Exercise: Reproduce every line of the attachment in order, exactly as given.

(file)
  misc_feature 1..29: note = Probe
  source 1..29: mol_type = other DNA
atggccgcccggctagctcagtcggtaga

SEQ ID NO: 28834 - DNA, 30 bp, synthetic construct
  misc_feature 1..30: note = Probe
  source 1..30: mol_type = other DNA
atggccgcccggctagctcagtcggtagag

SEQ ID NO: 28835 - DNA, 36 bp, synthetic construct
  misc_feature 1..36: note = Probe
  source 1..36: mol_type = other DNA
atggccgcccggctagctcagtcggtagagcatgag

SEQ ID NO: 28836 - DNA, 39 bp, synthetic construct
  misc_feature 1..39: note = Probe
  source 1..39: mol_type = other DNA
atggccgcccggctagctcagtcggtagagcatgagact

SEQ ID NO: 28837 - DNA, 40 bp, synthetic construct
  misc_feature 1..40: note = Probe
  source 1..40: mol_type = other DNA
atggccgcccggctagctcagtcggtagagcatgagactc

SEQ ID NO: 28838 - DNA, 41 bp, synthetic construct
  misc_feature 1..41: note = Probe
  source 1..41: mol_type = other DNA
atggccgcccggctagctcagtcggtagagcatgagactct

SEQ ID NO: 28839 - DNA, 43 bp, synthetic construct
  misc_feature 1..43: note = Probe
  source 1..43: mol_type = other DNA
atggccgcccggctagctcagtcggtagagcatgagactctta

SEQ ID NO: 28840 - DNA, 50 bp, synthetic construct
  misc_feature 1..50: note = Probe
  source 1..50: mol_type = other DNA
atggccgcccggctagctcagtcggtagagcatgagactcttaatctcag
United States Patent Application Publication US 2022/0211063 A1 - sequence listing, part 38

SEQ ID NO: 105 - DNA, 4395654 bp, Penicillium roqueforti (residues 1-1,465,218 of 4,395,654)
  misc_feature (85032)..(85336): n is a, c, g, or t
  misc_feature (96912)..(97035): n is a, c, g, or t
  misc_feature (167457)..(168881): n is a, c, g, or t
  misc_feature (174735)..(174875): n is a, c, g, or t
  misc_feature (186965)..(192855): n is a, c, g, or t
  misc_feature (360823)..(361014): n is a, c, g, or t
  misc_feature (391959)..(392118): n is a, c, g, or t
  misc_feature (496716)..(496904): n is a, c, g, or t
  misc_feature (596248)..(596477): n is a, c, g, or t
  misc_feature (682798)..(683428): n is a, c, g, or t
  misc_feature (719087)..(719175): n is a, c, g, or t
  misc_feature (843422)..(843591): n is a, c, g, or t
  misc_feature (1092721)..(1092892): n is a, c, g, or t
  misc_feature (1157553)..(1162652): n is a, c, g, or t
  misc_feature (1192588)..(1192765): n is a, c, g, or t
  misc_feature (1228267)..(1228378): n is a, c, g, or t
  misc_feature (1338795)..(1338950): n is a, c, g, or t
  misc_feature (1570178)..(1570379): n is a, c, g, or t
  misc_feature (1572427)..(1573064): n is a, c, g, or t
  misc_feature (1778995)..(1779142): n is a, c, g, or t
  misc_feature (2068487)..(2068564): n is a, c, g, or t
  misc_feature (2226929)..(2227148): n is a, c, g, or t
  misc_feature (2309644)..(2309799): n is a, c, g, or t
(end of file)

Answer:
  misc_feature 1..29: note = Probe
  source 1..29: mol_type = other DNA
atggccgcccggctagctcagtcggtaga

SEQ ID NO: 28834 - DNA, 30 bp, synthetic construct
  misc_feature 1..30: note = Probe
  source 1..30: mol_type = other DNA
atggccgcccggctagctcagtcggtagag

SEQ ID NO: 28835 - DNA, 36 bp, synthetic construct
  misc_feature 1..36: note = Probe
  source 1..36: mol_type = other DNA
atggccgcccggctagctcagtcggtagagcatgag

SEQ ID NO: 28836 - DNA, 39 bp, synthetic construct
  misc_feature 1..39: note = Probe
  source 1..39: mol_type = other DNA
atggccgcccggctagctcagtcggtagagcatgagact

SEQ ID NO: 28837 - DNA, 40 bp, synthetic construct
  misc_feature 1..40: note = Probe
  source 1..40: mol_type = other DNA
atggccgcccggctagctcagtcggtagagcatgagactc

SEQ ID NO: 28838 - DNA, 41 bp, synthetic construct
  misc_feature 1..41: note = Probe
  source 1..41: mol_type = other DNA
atggccgcccggctagctcagtcggtagagcatgagactct

SEQ ID NO: 28839 - DNA, 43 bp, synthetic construct
  misc_feature 1..43: note = Probe
  source 1..43: mol_type = other DNA
atggccgcccggctagctcagtcggtagagcatgagactctta

SEQ ID NO: 28840 - DNA, 50 bp, synthetic construct
  misc_feature 1..50: note = Probe
  source 1..50: mol_type = other DNA
atggccgcccggctagctcagtcggtagagcatgagactcttaatctcag
United States Patent Application Publication US 2022/0211063 A1 - sequence listing, part 38

SEQ ID NO: 105 - DNA, 4395654 bp, Penicillium roqueforti (residues 1-1,465,218 of 4,395,654)
  misc_feature (85032)..(85336): n is a, c, g, or t
  misc_feature (96912)..(97035): n is a, c, g, or t
  misc_feature (167457)..(168881): n is a, c, g, or t
  misc_feature (174735)..(174875): n is a, c, g, or t
  misc_feature (186965)..(192855): n is a, c, g, or t
  misc_feature (360823)..(361014): n is a, c, g, or t
  misc_feature (391959)..(392118): n is a, c, g, or t
  misc_feature (496716)..(496904): n is a, c, g, or t
  misc_feature (596248)..(596477): n is a, c, g, or t
  misc_feature (682798)..(683428): n is a, c, g, or t
  misc_feature (719087)..(719175): n is a, c, g, or t
  misc_feature (843422)..(843591): n is a, c, g, or t
  misc_feature (1092721)..(1092892): n is a, c, g, or t
  misc_feature (1157553)..(1162652): n is a, c, g, or t
  misc_feature (1192588)..(1192765): n is a, c, g, or t
  misc_feature (1228267)..(1228378): n is a, c, g, or t
  misc_feature (1338795)..(1338950): n is a, c, g, or t
  misc_feature (1570178)..(1570379): n is a, c, g, or t
  misc_feature (1572427)..(1573064): n is a, c, g, or t
  misc_feature (1778995)..(1779142): n is a, c, g, or t
  misc_feature (2068487)..(2068564): n is a, c, g, or t
  misc_feature (2226929)..(2227148): n is a, c, g, or t
  misc_feature (2309644)..(2309799): n is a, c, g, or t